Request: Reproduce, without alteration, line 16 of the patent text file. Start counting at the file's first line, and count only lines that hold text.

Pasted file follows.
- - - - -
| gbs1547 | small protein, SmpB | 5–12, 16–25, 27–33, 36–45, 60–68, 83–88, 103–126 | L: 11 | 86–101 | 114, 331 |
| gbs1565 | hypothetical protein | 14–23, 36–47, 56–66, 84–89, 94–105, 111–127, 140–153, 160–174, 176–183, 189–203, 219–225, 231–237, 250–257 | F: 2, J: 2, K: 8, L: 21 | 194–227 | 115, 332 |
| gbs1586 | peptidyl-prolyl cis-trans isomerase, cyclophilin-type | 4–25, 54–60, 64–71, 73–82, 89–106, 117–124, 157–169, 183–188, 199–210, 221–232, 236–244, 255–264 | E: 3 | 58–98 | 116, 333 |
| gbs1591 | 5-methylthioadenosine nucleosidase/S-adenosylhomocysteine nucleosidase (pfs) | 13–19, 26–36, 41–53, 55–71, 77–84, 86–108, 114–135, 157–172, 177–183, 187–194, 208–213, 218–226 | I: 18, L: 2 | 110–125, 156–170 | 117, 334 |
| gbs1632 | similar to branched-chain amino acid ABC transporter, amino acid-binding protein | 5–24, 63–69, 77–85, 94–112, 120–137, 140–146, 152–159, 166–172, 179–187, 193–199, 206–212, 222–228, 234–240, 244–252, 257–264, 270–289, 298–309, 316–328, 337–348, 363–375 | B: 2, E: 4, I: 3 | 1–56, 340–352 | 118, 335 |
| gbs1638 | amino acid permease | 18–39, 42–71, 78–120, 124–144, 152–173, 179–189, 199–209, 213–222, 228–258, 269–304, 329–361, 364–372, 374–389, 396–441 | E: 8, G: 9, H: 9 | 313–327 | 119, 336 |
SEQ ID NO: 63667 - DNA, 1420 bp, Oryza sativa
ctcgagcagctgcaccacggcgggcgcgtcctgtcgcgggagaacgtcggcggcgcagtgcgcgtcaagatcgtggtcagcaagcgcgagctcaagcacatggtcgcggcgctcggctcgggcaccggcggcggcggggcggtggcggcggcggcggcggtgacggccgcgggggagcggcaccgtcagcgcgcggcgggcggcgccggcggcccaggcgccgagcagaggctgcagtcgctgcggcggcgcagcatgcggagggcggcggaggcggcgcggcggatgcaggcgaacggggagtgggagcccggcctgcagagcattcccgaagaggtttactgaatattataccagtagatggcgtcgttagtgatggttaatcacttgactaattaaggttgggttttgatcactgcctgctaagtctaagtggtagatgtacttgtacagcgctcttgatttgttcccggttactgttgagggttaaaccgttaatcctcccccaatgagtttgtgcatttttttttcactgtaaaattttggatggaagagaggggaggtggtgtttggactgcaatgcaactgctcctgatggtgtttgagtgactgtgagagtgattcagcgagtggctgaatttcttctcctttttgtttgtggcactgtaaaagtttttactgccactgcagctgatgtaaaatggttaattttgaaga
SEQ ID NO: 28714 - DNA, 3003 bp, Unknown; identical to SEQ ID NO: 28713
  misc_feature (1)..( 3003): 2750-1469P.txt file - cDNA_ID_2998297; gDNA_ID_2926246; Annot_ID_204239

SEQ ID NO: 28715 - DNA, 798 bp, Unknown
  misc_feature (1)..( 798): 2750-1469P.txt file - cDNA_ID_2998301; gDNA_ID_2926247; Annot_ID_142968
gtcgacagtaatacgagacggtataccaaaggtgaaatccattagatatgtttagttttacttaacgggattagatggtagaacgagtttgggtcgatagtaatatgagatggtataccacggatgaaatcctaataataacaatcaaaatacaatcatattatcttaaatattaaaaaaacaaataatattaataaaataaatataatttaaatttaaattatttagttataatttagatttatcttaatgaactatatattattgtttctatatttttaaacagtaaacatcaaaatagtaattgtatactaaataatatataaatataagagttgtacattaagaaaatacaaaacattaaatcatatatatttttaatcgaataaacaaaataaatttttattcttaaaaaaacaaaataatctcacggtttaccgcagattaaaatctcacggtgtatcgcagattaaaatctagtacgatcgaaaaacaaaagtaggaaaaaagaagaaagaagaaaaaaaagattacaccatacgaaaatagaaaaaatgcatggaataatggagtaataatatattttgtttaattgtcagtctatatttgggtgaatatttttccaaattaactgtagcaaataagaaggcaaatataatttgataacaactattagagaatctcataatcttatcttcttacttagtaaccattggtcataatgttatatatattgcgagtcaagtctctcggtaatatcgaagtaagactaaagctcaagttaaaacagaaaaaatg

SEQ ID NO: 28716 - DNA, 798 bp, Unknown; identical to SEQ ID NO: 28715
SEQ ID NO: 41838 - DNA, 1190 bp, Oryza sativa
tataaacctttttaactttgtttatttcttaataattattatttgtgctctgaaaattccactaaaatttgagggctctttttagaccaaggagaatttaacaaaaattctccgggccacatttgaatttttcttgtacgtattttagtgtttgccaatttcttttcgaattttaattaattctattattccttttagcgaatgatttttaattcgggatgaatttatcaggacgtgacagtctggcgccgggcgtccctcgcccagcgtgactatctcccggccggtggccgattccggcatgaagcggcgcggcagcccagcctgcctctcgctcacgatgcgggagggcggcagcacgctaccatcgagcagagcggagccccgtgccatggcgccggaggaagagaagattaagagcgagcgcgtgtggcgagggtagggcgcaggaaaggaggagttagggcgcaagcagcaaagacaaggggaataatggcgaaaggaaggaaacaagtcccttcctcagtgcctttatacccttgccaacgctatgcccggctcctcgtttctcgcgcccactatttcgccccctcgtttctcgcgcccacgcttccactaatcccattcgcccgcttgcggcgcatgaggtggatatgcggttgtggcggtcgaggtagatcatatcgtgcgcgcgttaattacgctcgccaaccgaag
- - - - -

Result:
tataaacctttttaactttgtttatttcttaataattattatttgtgctctgaaaattccactaaaatttgagggctctttttagaccaaggagaatttaacaaaaattctccgggccacatttgaatttttcttgtacgtattttagtgtttgccaatttcttttcgaattttaattaattctattattccttttagcgaatgatttttaattcgggatgaatttatcaggacgtgacagtctggcgccgggcgtccctcgcccagcgtgactatctcccggccggtggccgattccggcatgaagcggcgcggcagcccagcctgcctctcgctcacgatgcgggagggcggcagcacgctaccatcgagcagagcggagccccgtgccatggcgccggaggaagagaagattaagagcgagcgcgtgtggcgagggtagggcgcaggaaaggaggagttagggcgcaagcagcaaagacaaggggaataatggcgaaaggaaggaaacaagtcccttcctcagtgcctttatacccttgccaacgctatgcccggctcctcgtttctcgcgcccactatttcgccccctcgtttctcgcgcccacgcttccactaatcccattcgcccgcttgcggcgcatgaggtggatatgcggttgtggcggtcgaggtagatcatatcgtgcgcgcgttaattacgctcgccaaccgaag